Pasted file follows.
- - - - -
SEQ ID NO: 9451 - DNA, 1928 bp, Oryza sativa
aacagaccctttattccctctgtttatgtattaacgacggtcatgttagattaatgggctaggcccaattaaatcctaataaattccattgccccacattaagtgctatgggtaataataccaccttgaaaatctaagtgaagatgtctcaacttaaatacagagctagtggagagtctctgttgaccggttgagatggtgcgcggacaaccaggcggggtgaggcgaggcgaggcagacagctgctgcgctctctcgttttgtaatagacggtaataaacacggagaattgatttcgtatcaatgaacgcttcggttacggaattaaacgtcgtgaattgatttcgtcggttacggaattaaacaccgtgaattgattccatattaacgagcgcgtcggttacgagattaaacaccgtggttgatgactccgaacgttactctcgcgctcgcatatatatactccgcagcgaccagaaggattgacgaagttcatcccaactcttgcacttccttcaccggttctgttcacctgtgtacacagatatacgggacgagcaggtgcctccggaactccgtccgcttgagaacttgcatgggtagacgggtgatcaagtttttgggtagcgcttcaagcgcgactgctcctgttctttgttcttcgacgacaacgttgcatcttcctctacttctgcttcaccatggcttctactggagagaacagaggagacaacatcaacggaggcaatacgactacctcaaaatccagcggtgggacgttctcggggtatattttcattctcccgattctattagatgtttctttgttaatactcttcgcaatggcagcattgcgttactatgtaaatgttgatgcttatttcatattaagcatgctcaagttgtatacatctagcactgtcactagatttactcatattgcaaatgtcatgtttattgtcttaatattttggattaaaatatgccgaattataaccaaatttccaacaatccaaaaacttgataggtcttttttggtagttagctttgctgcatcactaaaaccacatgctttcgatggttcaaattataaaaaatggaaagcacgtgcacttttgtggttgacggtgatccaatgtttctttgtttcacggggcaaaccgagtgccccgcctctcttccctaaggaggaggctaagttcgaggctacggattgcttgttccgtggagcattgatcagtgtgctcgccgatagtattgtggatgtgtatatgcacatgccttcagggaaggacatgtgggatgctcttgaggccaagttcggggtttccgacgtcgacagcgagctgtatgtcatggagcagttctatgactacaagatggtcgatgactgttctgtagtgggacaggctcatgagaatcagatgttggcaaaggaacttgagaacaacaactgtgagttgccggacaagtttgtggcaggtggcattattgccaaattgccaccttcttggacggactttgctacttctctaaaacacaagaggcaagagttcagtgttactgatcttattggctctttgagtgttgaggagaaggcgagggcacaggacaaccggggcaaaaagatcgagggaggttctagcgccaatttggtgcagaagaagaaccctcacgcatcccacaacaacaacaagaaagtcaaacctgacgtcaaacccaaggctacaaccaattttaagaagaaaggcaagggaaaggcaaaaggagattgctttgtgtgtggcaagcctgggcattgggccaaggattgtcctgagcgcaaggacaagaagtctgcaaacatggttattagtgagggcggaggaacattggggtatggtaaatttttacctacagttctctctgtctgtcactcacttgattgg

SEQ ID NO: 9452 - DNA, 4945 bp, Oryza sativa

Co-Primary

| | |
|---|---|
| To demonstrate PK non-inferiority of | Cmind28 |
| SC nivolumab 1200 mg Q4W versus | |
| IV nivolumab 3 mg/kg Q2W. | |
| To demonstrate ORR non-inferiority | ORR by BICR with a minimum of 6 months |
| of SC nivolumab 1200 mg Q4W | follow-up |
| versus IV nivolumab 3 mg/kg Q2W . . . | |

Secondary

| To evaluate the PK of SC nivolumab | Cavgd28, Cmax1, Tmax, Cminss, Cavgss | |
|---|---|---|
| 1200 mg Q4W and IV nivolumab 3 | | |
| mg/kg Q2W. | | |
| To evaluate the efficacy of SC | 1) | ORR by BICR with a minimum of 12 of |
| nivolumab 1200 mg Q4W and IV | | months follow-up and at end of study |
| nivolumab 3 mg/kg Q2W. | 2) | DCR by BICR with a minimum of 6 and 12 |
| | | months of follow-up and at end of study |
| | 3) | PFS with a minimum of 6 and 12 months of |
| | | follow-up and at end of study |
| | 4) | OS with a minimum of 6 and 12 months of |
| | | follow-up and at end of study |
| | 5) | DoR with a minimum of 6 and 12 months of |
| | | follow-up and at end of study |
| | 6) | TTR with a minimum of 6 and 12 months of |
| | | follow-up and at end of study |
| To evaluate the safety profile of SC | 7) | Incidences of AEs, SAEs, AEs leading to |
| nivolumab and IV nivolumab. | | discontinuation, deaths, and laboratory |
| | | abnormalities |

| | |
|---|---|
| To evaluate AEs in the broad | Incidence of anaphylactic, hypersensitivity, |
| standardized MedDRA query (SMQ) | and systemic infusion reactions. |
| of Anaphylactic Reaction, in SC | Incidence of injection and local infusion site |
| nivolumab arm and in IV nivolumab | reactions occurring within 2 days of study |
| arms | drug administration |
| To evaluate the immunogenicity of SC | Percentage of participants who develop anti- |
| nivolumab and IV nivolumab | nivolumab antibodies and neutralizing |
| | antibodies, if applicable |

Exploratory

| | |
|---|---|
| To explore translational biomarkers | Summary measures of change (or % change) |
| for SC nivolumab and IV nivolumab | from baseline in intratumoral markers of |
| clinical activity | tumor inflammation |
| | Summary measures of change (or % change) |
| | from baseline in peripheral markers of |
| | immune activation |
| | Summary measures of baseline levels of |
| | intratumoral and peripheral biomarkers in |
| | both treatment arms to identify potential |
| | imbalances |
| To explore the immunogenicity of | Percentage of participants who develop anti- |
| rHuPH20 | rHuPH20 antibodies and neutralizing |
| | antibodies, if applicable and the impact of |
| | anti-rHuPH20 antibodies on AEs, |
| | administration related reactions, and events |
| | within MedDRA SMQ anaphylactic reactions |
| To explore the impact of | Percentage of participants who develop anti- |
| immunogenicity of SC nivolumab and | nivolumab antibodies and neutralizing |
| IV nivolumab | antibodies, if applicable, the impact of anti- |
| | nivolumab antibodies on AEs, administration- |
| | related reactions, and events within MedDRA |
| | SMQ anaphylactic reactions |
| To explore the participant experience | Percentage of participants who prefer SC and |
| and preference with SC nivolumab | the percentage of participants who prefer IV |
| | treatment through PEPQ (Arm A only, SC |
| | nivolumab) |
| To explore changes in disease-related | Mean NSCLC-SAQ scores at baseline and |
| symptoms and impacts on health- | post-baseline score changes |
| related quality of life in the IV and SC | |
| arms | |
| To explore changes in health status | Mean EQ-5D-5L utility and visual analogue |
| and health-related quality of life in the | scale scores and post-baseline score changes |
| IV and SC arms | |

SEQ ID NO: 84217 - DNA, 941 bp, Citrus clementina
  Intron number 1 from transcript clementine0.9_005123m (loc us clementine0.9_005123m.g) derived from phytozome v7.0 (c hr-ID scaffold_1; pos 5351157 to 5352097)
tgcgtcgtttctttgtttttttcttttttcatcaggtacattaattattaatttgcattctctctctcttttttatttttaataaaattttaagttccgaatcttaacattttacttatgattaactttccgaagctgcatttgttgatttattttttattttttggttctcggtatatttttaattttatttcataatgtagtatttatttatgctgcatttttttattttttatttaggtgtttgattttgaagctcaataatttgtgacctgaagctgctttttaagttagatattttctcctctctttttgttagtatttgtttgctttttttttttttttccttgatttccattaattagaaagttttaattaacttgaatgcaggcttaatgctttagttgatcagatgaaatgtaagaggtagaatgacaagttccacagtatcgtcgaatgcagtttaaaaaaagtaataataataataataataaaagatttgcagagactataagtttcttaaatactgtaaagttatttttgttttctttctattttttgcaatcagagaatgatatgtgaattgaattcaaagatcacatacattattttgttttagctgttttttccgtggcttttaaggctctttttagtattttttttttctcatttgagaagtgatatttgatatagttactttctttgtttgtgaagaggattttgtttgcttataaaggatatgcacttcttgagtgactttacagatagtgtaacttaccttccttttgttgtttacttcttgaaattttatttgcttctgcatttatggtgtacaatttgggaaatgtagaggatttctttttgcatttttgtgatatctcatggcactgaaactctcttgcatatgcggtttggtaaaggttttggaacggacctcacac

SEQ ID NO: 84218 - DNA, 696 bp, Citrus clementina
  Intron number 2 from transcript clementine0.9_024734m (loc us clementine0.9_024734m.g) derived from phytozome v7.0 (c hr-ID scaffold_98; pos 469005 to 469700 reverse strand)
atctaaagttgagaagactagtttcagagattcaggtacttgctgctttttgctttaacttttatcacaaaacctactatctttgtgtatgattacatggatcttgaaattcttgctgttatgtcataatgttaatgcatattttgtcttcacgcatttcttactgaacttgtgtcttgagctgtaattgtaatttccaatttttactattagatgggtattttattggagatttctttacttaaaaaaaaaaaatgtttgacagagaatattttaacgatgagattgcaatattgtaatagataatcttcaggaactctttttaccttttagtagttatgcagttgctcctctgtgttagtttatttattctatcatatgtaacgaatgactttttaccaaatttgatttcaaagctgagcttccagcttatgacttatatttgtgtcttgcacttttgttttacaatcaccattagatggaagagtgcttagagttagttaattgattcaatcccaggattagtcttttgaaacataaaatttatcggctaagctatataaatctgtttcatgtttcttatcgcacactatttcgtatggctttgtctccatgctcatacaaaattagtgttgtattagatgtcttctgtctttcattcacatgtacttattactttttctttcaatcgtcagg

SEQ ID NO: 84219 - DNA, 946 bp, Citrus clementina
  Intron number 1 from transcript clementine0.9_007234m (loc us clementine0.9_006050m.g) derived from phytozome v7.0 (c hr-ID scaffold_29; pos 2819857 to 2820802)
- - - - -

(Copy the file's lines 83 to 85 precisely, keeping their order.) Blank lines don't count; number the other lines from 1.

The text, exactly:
  Intron number 2 from transcript clementine0.9_024734m (loc us clementine0.9_024734m.g) derived from phytozome v7.0 (c hr-ID scaffold_98; pos 469005 to 469700 reverse strand)
atctaaagttgagaagactagtttcagagattcaggtacttgctgctttttgctttaacttttatcacaaaacctactatctttgtgtatgattacatggatcttgaaattcttgctgttatgtcataatgttaatgcatattttgtcttcacgcatttcttactgaacttgtgtcttgagctgtaattgtaatttccaatttttactattagatgggtattttattggagatttctttacttaaaaaaaaaaaatgtttgacagagaatattttaacgatgagattgcaatattgtaatagataatcttcaggaactctttttaccttttagtagttatgcagttgctcctctgtgttagtttatttattctatcatatgtaacgaatgactttttaccaaatttgatttcaaagctgagcttccagcttatgacttatatttgtgtcttgcacttttgttttacaatcaccattagatggaagagtgcttagagttagttaattgattcaatcccaggattagtcttttgaaacataaaatttatcggctaagctatataaatctgtttcatgtttcttatcgcacactatttcgtatggctttgtctccatgctcatacaaaattagtgttgtattagatgtcttctgtctttcattcacatgtacttattactttttctttcaatcgtcagg

SEQ ID NO: 84219 - DNA, 946 bp, Citrus clementina